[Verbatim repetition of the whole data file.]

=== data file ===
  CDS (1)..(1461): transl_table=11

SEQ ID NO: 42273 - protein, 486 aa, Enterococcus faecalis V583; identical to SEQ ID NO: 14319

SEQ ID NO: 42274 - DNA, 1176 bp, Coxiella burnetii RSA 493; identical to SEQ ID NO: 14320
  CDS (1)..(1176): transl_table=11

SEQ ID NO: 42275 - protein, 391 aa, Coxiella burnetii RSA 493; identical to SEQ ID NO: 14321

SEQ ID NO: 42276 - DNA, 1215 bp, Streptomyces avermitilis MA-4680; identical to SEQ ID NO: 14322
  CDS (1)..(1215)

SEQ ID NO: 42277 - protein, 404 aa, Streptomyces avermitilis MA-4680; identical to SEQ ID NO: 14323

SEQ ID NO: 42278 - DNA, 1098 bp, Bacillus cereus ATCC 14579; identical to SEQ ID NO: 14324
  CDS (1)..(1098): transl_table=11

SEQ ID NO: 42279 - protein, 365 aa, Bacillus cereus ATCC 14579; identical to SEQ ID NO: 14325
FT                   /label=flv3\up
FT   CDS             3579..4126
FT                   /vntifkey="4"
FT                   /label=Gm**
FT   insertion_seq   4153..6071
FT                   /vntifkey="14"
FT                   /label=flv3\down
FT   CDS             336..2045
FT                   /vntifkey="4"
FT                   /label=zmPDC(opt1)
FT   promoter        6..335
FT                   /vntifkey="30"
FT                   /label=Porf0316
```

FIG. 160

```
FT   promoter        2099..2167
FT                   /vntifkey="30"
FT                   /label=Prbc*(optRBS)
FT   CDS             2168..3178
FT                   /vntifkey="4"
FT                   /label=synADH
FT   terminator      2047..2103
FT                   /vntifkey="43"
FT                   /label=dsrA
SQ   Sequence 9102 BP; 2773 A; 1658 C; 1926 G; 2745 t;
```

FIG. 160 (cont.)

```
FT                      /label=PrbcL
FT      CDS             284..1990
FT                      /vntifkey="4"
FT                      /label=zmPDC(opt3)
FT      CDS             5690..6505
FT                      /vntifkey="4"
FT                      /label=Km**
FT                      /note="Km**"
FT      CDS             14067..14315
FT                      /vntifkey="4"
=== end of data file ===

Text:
  CDS (1)..(1461): transl_table=11

SEQ ID NO: 42273 - protein, 486 aa, Enterococcus faecalis V583; identical to SEQ ID NO: 14319

SEQ ID NO: 42274 - DNA, 1176 bp, Coxiella burnetii RSA 493; identical to SEQ ID NO: 14320
  CDS (1)..(1176): transl_table=11

SEQ ID NO: 42275 - protein, 391 aa, Coxiella burnetii RSA 493; identical to SEQ ID NO: 14321

SEQ ID NO: 42276 - DNA, 1215 bp, Streptomyces avermitilis MA-4680; identical to SEQ ID NO: 14322
  CDS (1)..(1215)

SEQ ID NO: 42277 - protein, 404 aa, Streptomyces avermitilis MA-4680; identical to SEQ ID NO: 14323

SEQ ID NO: 42278 - DNA, 1098 bp, Bacillus cereus ATCC 14579; identical to SEQ ID NO: 14324
  CDS (1)..(1098): transl_table=11

SEQ ID NO: 42279 - protein, 365 aa, Bacillus cereus ATCC 14579; identical to SEQ ID NO: 14325
FT                   /label=flv3\up
FT   CDS             3579..4126
FT                   /vntifkey="4"
FT                   /label=Gm**
FT   insertion_seq   4153..6071
FT                   /vntifkey="14"
FT                   /label=flv3\down
FT   CDS             336..2045
FT                   /vntifkey="4"
FT                   /label=zmPDC(opt1)
FT   promoter        6..335
FT                   /vntifkey="30"
FT                   /label=Porf0316
```

FIG. 160

```
FT   promoter        2099..2167
FT                   /vntifkey="30"
FT                   /label=Prbc*(optRBS)
FT   CDS             2168..3178
FT                   /vntifkey="4"
FT                   /label=synADH
FT   terminator      2047..2103
FT                   /vntifkey="43"
FT                   /label=dsrA
SQ   Sequence 9102 BP; 2773 A; 1658 C; 1926 G; 2745 t;
```

FIG. 160 (cont.)

```
FT                      /label=PrbcL
FT      CDS             284..1990
FT                      /vntifkey="4"
FT                      /label=zmPDC(opt3)
FT      CDS             5690..6505
FT                      /vntifkey="4"
FT                      /label=Km**
FT                      /note="Km**"
FT      CDS             14067..14315
FT                      /vntifkey="4"